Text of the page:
Longman Dictionary of Contemporary English homepage

Date: 1200-1300
Language: Old French
Origin: dam 'damage', from Latin damnum; DAMN4

damage

1 noun
     
dam‧age1 S2 W2
1

physical harm

[uncountable] physical harm that is done to something or to a part of someone's body, so that it is broken or injuredCOLLOCATIONS COLLOCATIONS
do/cause damage serious/severe/extensive damage irreparable/irreversible/permanent damage (=damage that cannot be repaired) minor damage accidental damage brain/liver/lung etc damage flood/storm/fire etc damage (=damage caused by a flood, storm, fire etc)
damage to
damage to property
These chemicals have been found to cause serious environmental damage.
The earthquake caused extensive structural damage.
His eyesight suffered irreparable damage.
The ship sustained only minor damage.
The insurance covers accidental damage to the vehicle.
There may be permanent brain damage .
the need to reduce flood damage
2

emotional harm

[uncountable] harm caused to someone's emotions or mind:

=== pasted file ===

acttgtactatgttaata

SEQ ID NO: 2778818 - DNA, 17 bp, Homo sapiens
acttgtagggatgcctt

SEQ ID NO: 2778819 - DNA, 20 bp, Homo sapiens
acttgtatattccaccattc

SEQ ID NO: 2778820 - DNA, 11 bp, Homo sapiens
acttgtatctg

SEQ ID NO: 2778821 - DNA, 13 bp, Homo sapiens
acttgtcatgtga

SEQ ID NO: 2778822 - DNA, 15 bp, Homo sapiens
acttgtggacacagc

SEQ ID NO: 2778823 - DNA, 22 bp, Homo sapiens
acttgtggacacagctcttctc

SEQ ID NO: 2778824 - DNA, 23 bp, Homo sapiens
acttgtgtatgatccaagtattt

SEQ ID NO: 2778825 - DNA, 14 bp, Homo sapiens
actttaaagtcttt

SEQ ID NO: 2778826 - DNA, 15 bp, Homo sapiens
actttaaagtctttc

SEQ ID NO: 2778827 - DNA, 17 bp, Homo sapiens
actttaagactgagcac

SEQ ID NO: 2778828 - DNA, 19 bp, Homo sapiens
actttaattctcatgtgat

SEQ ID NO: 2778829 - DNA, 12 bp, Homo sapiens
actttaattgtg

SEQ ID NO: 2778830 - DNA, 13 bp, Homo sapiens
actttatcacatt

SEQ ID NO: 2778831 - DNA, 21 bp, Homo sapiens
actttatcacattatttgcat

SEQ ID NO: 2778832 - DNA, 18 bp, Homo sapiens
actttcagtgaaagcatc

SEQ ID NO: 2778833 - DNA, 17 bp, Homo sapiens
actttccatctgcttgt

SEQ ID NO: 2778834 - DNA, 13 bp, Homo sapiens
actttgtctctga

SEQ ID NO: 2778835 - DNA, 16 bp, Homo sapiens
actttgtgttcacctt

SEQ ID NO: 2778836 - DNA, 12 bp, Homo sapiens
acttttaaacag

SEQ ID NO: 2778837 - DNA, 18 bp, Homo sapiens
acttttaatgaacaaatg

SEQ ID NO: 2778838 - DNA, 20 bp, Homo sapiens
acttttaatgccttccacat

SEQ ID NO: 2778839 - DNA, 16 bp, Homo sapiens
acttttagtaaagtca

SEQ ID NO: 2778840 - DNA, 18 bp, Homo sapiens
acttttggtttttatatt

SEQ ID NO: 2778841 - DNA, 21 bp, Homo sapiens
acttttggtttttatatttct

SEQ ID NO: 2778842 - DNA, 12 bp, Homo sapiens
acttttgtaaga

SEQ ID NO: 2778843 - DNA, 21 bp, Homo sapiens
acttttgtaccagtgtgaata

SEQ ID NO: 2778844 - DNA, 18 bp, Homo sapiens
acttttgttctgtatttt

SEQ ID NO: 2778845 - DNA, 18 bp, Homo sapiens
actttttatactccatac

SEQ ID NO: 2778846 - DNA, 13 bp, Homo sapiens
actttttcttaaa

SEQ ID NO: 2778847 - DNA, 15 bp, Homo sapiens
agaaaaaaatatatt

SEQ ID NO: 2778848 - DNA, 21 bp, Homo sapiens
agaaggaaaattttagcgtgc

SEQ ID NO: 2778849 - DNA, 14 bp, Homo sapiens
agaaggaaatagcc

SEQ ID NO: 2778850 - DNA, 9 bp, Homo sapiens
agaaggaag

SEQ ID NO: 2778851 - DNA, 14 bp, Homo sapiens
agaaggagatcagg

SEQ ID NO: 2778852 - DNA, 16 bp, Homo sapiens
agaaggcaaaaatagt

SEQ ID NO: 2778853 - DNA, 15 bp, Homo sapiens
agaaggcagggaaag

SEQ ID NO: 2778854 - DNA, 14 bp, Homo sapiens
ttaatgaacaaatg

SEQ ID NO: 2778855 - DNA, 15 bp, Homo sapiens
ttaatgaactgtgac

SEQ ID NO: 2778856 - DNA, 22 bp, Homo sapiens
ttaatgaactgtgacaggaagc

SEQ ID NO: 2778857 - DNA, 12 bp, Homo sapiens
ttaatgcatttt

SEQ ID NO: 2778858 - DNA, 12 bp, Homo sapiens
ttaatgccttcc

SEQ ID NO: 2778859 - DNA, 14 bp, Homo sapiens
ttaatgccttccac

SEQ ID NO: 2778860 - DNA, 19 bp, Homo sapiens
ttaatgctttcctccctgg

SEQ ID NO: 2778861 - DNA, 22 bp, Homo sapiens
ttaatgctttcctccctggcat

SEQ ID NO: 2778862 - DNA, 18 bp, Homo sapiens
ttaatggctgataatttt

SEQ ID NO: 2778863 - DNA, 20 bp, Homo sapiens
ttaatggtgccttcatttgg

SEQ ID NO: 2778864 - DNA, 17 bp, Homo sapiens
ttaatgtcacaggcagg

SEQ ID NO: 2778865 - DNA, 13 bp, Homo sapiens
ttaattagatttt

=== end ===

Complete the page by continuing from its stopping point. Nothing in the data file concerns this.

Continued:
The death of a parent can cause long-lasting psychological damage.
3

bad effect

[uncountable] a bad effect on something
damage to
The damage to his reputation was considerable.
The closure of the factory will cause severe damage to the local economy.
damage limitation/control
the attempts at political damage control during the scandal
4

damages

[plural]SCL law money that a court orders someone to pay to someone else as a punishment for harming them or their property [↪ compensation]:
The court awarded him £15,000 in damages.
5

the damage is done

used to say that something bad has happened which makes it impossible to go back to the way things were before it happened:
She immediately apologized, but the damage was done.
6

what's the damage?

spoken used humorously to ask how much you have to pay for something

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